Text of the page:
Folk Choir Music With Hammer Dulcimer
A review written for the Folk & Acoustic Music Exchange
Youthful voices, lilting hammer dulcimer, winsome melodies: this recording is a surprising gem, and lives up to the name Pleasure. I say "surprising," because I'm not always attracted to that form of music loosely referred to as "children's choral." Makes me think of interminable school assemblies endured on hard cafeteria benches. However, when the choral director is Malcolm Dalglish, the result takes you out of the multi-purpose room and onto the playground. |
Listeners may be familiar with Dalglish's hammered dulcimer recordings, both as a soloist and with Grey Larsen and the group Metamora. But in the last decade, Dalglish has become interested in composing and arranging folk-based choral music for young choirs, and this interest prompted him to form his chorus, the Ooolites. (In case you're wondering about the name, Dalglish's press release explains: "An Oolite with two 'O's is a spherical particle with concentric layers found in the famous bedrock limestone of southern Indiana where Dalglish resides. An Ooolite with three 'O's is a Dalglish invention, which he explains is 'a word that's cool to look at and fun to say.'")
The initial result of Dalglish's foray into choral music was a recording called Hymnody of Earth, released in 1990 and featuring the American Boychoir. Subtitled "A Ceremony of Songs for Choir," the music is rather ethereal and precious, evocative of chapel and concert hall. (Think of Benjamin Britton's Ceremony of Carols.) In contrast, Pleasure is subtitled "Folk Choir Music with Hammer Dulcimer," and is much more earthy and free-spirited. (Think of Carl Orff's Streetsongs but not as percussive.) The Ooolites, ranging in age from 12 to 20, are obviously trained, but are more natural-sounding then their liturgical predecessors, and their sound is given depth by baritones (one of which I think is Dalglish's), and the occasional addition of bagpipes, fiddle, guitar, piano, Dalglish's glistening dulcimer, and the hand percussion of Glen Velez.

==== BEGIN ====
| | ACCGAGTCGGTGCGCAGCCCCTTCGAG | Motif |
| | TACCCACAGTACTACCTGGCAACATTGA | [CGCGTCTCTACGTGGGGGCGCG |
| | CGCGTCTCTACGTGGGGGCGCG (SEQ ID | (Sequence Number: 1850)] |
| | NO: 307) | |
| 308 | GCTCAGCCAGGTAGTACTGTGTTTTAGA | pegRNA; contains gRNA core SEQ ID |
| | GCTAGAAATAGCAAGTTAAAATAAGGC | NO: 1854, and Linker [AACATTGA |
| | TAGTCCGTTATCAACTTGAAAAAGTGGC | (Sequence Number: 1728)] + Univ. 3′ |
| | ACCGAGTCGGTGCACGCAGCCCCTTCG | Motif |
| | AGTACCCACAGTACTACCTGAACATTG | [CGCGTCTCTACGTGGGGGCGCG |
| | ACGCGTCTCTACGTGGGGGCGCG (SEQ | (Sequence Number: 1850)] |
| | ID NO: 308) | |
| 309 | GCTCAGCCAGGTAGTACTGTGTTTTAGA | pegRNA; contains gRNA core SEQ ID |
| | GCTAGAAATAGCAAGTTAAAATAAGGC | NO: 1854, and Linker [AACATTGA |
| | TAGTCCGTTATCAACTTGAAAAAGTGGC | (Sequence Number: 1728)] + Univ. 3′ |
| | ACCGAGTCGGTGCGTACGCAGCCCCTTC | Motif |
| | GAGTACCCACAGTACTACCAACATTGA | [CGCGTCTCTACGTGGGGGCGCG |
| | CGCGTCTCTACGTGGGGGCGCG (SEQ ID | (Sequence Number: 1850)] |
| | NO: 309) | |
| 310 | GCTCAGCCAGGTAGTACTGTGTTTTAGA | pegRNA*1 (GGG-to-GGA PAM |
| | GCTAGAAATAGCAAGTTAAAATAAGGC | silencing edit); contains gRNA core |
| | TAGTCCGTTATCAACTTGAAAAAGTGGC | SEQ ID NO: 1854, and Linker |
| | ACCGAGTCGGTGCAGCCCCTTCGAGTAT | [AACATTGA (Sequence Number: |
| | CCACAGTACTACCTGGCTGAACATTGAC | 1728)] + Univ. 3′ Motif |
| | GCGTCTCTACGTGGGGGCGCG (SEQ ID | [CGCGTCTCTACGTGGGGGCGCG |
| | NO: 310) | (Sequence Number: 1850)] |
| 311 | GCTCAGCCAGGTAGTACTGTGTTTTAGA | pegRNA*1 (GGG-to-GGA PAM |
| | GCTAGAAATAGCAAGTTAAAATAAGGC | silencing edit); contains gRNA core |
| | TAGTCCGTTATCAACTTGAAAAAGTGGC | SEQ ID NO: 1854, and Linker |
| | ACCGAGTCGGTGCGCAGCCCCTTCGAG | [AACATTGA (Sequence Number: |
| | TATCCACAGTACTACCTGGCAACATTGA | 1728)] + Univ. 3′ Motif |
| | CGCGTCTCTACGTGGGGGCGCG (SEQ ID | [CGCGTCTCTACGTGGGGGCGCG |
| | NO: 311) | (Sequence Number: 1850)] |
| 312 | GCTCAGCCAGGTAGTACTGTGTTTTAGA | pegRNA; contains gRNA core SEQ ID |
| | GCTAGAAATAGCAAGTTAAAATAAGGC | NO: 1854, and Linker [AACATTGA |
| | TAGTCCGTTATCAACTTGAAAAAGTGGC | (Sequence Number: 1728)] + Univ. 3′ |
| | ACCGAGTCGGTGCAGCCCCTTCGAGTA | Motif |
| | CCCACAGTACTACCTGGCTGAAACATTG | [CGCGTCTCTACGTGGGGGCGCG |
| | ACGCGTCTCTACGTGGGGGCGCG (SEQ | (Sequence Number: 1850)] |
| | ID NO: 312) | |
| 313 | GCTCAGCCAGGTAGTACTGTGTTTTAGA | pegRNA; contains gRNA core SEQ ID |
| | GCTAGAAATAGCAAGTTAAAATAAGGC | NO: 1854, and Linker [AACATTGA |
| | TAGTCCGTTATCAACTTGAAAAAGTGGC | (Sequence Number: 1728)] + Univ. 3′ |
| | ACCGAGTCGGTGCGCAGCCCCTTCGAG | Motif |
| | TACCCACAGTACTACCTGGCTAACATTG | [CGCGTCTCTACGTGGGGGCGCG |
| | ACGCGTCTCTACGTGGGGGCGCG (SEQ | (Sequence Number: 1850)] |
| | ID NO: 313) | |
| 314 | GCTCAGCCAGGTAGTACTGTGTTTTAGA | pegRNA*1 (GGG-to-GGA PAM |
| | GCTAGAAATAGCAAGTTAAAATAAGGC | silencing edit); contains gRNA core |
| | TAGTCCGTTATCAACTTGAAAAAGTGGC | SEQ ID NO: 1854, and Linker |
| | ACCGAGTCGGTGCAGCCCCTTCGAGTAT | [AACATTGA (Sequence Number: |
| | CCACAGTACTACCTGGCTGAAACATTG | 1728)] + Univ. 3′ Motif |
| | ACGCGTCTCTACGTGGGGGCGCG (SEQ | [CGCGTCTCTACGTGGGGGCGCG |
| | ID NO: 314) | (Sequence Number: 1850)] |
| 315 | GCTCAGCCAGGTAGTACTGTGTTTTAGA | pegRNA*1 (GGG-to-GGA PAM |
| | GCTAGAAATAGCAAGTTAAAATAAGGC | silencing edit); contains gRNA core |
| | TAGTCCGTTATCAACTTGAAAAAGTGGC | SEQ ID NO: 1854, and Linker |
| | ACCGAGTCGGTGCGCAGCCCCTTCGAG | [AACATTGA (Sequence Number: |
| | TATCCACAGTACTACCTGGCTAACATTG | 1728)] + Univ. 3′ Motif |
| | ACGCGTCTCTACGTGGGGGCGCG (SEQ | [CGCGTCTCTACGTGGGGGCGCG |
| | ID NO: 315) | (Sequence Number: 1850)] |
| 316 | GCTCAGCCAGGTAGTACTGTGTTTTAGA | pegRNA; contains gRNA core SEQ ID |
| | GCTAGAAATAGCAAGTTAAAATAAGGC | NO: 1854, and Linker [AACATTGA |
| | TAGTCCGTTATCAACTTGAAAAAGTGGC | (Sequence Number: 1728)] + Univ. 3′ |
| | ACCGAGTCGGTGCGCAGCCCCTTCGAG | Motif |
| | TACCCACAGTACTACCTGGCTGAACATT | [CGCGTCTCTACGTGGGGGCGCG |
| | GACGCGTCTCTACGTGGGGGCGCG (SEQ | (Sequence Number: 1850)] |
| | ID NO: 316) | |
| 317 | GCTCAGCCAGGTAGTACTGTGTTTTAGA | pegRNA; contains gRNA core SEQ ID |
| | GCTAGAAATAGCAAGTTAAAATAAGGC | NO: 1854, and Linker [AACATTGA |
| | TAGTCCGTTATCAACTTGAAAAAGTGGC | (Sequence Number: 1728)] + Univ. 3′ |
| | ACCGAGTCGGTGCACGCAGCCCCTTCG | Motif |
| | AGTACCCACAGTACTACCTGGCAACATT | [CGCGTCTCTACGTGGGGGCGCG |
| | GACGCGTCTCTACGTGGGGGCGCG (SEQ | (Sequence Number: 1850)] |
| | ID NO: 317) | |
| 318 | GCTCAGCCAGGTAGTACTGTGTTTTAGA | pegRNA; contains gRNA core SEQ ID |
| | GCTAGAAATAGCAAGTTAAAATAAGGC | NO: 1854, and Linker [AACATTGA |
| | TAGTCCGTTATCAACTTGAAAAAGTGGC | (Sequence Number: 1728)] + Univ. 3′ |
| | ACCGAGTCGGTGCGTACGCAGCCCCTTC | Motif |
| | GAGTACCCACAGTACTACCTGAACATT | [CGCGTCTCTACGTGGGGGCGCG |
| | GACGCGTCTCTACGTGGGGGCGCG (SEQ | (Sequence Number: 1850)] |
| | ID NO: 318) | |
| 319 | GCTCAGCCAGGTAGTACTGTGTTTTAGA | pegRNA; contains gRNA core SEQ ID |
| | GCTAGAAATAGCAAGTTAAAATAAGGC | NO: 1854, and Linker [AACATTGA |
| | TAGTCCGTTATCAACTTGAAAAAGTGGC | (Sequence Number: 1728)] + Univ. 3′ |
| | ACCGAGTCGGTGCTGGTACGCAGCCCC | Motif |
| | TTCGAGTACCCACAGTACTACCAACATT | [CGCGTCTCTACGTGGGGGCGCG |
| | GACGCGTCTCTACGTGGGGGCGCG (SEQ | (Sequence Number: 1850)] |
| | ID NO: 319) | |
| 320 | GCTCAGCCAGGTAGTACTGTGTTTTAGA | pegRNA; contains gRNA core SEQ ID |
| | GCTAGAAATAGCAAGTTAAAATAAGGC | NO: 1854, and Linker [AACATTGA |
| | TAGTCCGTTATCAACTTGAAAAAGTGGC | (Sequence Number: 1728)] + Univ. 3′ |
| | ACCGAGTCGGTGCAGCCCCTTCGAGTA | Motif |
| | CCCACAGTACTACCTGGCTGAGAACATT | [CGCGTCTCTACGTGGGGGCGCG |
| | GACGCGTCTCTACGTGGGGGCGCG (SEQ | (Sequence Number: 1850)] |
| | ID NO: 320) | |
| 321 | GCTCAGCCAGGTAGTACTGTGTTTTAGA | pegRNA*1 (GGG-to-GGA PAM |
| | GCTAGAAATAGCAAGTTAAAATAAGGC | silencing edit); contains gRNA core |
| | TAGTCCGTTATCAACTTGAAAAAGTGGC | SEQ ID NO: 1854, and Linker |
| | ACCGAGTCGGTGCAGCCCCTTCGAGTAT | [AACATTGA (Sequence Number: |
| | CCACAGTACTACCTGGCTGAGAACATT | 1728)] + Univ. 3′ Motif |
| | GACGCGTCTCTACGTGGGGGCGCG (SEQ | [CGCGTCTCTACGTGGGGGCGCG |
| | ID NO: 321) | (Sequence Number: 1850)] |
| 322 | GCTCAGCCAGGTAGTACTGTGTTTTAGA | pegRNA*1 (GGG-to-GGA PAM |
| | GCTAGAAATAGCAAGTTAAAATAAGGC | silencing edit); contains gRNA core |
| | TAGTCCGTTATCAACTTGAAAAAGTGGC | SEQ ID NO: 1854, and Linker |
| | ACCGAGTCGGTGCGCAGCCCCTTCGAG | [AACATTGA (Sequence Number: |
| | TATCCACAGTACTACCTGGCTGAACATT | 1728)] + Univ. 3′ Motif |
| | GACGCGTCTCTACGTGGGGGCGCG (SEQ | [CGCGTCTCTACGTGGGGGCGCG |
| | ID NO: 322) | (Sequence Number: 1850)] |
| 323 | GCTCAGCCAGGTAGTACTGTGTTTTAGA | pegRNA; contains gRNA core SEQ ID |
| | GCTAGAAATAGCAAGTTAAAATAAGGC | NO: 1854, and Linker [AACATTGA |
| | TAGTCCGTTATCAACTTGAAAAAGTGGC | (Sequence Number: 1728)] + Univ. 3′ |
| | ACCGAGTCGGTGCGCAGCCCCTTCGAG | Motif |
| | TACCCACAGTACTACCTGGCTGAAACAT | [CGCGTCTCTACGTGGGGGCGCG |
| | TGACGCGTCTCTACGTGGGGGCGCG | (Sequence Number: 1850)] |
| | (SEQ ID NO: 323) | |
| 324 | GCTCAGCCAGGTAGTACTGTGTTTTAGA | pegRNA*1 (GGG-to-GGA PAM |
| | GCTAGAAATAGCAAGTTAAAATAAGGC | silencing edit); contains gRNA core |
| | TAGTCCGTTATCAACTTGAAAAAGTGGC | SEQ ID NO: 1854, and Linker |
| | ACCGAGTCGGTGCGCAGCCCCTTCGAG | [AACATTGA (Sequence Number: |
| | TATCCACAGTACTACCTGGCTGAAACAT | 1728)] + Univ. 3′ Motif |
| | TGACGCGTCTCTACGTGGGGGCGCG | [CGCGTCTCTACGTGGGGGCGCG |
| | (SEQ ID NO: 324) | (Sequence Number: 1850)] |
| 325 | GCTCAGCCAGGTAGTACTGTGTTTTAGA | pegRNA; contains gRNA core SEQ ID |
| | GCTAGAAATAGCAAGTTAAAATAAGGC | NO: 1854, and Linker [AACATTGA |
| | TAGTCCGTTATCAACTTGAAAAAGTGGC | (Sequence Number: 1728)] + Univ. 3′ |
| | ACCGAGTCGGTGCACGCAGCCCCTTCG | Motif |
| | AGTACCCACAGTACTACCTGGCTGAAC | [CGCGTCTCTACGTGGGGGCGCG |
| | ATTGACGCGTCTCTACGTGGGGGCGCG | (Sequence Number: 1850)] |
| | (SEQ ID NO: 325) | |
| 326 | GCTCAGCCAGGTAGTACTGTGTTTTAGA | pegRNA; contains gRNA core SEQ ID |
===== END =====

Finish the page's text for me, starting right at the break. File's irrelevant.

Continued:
All of the songs were commissioned by different children's choral groups around the country, and they are quintessential Dalglish, drawing from Celtic, French Canadian, and Appalachian sources, and exploring a wide range of moods and tempos. The first tune, Swifts, is as playful and swooping as the little birds it celebrates; while the following cut, a Northumbrian lullaby called Sheep in the Meadow, is sweet and hymn-like, as is the familiar Psalm of Life. At times the arrangements include both humorous and lovely vocalese, such as the hound-dog howls on Bushy Tail, or the seagull cries on the beautiful and sad Selchie and the Fisherman. The singers also engage in zestful Celtic mouth music on the title cut and Reel a' Bouche. Toward the end, the repertoire turns to African-American spirituals, and these are some of the most stately and grand selections on the recording; the final cut, "Sail Away," is an exuberant hoedown. Throughout, the Ooolites perform with style and grace. Their harmonies are tight and rich, their phrasing is crisp, and you can tell they're having all kinds of fun. (And it's cute to hear the chorus sing with the sort of quirky grace notes or syncopated phrasing that Dalglish once used in his own singing.) Indeed, there is much material here with which a music director can challenge and enrich his/her chorus, and it's uplifting to hear what the young vocalists can accomplish. The play list includes the parts used for each song (SATB, SAA, 2 pt. treble, etc.), and information is provided on how to send away for the scores.
Mainly, it's uplifting to hear what young vocalists can accomplish, given good training and excellent material. So perhaps Malcolm Dalglish's Pleasure isn't so much a gem, as I initially said, as an entire treasure trove. Whether your audience is sitting in your living room listening to this recording, or sitting in the multi-purpose room listening to your senior chorus, they won't just be impressed, they'll be moved.
TRACK LIST(all compositions or arrangements by Malcolm Dalglish)